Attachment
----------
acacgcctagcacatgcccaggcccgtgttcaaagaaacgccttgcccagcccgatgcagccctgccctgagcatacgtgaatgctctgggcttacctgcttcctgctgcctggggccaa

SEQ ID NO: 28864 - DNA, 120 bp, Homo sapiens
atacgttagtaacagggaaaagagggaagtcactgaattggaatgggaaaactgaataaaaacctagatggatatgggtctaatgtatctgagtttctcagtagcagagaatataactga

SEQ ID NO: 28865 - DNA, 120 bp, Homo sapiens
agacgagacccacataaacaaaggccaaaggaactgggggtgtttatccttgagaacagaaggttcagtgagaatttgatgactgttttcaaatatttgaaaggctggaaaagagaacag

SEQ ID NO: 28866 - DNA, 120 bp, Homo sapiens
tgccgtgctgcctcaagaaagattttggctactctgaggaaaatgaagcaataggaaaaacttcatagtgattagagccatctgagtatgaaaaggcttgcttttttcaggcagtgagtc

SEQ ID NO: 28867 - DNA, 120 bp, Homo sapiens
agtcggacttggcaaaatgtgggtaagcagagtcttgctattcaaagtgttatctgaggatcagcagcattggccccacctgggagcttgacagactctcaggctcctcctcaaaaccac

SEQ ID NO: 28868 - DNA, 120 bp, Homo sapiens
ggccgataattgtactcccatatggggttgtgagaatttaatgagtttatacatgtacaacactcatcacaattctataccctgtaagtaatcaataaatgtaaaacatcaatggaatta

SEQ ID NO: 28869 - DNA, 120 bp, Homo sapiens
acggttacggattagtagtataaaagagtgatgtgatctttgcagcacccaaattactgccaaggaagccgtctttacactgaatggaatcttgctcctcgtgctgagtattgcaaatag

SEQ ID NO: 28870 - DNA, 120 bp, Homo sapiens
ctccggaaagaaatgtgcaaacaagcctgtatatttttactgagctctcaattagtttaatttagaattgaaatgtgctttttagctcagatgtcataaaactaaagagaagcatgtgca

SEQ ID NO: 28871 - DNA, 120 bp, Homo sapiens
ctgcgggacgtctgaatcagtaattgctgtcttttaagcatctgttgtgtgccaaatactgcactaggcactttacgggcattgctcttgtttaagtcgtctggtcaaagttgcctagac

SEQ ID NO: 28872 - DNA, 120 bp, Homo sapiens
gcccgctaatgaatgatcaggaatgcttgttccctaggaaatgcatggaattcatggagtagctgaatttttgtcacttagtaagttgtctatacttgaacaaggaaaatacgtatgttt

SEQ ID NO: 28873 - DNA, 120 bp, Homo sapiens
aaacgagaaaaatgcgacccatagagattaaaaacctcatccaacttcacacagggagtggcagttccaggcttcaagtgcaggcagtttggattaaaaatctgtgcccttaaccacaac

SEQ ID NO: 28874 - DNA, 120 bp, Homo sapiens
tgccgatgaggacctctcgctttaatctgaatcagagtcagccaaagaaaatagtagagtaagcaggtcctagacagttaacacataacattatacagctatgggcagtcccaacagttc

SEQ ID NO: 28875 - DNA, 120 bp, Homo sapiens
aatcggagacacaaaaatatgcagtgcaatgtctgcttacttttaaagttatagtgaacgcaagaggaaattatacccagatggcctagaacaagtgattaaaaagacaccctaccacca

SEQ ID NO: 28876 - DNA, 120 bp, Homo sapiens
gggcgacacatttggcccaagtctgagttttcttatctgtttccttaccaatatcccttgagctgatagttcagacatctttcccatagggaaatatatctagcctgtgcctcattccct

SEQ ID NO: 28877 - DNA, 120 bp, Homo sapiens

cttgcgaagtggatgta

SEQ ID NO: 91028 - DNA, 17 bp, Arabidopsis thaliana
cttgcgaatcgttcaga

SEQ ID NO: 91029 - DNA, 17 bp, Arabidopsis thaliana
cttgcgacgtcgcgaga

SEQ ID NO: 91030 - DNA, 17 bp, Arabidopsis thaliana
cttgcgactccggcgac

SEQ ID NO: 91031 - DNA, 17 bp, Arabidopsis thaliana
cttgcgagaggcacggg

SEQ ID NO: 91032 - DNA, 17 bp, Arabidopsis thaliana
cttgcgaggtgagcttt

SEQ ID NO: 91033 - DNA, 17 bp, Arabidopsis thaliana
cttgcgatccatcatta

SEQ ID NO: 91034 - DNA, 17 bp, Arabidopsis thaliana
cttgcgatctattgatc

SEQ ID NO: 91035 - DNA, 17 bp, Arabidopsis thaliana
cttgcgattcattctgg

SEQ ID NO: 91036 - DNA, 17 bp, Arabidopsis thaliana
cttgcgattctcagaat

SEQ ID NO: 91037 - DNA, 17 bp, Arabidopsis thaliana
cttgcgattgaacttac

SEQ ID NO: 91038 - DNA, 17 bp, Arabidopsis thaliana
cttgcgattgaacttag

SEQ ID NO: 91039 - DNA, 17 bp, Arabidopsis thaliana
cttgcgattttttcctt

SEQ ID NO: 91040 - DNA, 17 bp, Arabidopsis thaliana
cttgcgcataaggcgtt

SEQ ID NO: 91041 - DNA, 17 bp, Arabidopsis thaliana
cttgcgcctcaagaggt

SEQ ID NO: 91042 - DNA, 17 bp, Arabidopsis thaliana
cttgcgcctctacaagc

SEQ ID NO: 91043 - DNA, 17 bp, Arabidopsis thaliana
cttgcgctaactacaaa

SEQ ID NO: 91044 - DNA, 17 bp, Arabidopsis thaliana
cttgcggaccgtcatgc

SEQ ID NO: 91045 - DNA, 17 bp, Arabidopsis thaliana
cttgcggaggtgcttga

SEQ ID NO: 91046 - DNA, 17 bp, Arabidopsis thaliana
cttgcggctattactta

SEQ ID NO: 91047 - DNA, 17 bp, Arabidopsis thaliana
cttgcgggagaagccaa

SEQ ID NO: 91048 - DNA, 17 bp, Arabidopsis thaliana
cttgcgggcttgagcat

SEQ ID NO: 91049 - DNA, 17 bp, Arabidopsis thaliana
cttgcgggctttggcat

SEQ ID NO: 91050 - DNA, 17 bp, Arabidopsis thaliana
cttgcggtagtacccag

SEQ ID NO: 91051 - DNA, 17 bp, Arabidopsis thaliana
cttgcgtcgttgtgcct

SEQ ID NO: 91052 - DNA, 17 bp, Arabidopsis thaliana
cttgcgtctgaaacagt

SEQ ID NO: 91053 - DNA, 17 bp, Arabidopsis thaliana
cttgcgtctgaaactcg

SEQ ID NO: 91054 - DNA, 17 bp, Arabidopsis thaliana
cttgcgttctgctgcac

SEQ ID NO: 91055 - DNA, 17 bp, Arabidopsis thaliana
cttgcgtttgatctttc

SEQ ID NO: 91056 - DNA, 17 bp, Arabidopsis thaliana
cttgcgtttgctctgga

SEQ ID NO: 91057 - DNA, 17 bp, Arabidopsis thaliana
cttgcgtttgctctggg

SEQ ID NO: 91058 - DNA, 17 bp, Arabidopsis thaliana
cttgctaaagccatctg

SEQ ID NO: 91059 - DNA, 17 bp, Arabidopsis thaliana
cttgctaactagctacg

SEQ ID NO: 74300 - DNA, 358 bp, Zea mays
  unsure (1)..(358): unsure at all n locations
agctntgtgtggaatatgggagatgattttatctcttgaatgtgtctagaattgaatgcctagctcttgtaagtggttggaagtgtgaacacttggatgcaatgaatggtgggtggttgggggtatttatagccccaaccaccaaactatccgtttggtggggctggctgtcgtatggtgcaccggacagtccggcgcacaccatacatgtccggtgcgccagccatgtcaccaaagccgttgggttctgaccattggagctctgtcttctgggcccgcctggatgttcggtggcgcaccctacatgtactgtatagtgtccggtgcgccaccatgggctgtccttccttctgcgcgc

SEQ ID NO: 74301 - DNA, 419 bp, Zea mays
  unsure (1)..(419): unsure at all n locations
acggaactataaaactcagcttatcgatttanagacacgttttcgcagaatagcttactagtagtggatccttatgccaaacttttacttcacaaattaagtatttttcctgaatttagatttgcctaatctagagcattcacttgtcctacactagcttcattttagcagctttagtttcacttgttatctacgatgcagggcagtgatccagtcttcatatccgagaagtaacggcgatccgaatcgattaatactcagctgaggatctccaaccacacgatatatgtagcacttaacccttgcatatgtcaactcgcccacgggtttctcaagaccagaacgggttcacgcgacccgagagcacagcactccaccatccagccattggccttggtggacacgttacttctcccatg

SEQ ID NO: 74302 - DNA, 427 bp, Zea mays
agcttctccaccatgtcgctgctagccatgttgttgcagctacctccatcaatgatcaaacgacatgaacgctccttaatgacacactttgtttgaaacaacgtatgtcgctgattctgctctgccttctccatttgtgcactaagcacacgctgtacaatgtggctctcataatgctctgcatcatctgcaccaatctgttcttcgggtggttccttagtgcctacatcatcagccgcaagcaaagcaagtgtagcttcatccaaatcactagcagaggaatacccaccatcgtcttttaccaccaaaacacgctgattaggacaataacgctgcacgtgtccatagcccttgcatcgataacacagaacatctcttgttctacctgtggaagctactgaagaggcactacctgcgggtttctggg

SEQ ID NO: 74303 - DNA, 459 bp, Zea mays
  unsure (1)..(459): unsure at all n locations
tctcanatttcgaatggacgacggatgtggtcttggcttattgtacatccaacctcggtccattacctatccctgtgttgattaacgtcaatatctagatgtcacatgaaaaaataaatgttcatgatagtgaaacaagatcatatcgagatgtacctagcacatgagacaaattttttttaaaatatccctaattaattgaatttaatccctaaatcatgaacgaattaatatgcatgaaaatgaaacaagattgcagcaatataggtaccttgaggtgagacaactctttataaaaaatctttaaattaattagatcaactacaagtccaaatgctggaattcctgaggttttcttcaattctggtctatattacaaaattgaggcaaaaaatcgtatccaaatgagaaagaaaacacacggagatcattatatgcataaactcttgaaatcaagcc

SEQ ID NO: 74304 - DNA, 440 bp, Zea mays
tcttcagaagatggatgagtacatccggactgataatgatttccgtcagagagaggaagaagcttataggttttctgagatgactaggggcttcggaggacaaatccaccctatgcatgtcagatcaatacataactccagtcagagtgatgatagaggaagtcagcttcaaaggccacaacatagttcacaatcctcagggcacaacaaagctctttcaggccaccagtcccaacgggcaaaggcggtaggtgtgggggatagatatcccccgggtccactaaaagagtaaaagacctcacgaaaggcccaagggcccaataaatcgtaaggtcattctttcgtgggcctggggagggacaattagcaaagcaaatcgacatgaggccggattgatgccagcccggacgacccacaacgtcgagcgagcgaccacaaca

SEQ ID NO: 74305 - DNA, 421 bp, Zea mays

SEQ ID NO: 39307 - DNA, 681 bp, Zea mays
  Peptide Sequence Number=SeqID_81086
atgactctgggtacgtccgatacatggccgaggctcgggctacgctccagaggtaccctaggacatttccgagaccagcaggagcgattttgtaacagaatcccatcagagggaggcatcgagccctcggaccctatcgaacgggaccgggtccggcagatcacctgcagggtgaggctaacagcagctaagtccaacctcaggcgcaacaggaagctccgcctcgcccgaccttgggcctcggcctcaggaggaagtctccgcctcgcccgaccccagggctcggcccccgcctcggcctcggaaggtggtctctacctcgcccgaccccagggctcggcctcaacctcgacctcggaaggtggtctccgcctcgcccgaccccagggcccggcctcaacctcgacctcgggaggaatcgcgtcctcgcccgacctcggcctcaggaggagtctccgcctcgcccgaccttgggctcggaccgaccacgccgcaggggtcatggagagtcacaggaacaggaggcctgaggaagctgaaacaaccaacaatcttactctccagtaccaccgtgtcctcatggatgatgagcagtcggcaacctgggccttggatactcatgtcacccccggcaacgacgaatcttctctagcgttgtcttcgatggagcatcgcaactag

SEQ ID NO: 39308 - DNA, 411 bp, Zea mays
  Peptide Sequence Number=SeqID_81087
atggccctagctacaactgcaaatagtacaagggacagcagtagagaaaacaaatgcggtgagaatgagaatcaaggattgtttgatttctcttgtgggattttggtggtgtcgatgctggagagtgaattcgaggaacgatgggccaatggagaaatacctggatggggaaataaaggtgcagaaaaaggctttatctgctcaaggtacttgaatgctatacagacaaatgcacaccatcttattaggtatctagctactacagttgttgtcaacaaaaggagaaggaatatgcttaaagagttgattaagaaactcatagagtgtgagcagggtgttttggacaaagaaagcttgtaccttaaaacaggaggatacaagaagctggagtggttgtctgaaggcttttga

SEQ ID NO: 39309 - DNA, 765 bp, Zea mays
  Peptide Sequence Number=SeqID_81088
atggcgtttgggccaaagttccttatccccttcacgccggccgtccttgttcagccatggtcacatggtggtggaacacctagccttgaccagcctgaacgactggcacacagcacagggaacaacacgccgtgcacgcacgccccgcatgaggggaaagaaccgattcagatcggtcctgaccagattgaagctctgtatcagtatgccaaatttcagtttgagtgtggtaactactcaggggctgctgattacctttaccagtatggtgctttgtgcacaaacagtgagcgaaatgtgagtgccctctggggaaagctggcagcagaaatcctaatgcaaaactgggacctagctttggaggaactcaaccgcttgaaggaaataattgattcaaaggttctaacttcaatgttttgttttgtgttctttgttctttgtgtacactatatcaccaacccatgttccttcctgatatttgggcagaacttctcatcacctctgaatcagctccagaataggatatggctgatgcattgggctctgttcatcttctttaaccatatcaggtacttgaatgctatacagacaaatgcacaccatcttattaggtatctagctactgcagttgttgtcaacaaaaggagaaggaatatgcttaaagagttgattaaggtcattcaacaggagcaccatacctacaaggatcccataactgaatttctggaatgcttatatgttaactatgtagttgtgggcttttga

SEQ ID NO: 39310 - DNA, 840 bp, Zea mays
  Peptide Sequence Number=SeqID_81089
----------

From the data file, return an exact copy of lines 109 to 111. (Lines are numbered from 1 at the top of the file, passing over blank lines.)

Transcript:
  Peptide Sequence Number=SeqID_81086
atgactctgggtacgtccgatacatggccgaggctcgggctacgctccagaggtaccctaggacatttccgagaccagcaggagcgattttgtaacagaatcccatcagagggaggcatcgagccctcggaccctatcgaacgggaccgggtccggcagatcacctgcagggtgaggctaacagcagctaagtccaacctcaggcgcaacaggaagctccgcctcgcccgaccttgggcctcggcctcaggaggaagtctccgcctcgcccgaccccagggctcggcccccgcctcggcctcggaaggtggtctctacctcgcccgaccccagggctcggcctcaacctcgacctcggaaggtggtctccgcctcgcccgaccccagggcccggcctcaacctcgacctcgggaggaatcgcgtcctcgcccgacctcggcctcaggaggagtctccgcctcgcccgaccttgggctcggaccgaccacgccgcaggggtcatggagagtcacaggaacaggaggcctgaggaagctgaaacaaccaacaatcttactctccagtaccaccgtgtcctcatggatgatgagcagtcggcaacctgggccttggatactcatgtcacccccggcaacgacgaatcttctctagcgttgtcttcgatggagcatcgcaactag

SEQ ID NO: 39308 - DNA, 411 bp, Zea mays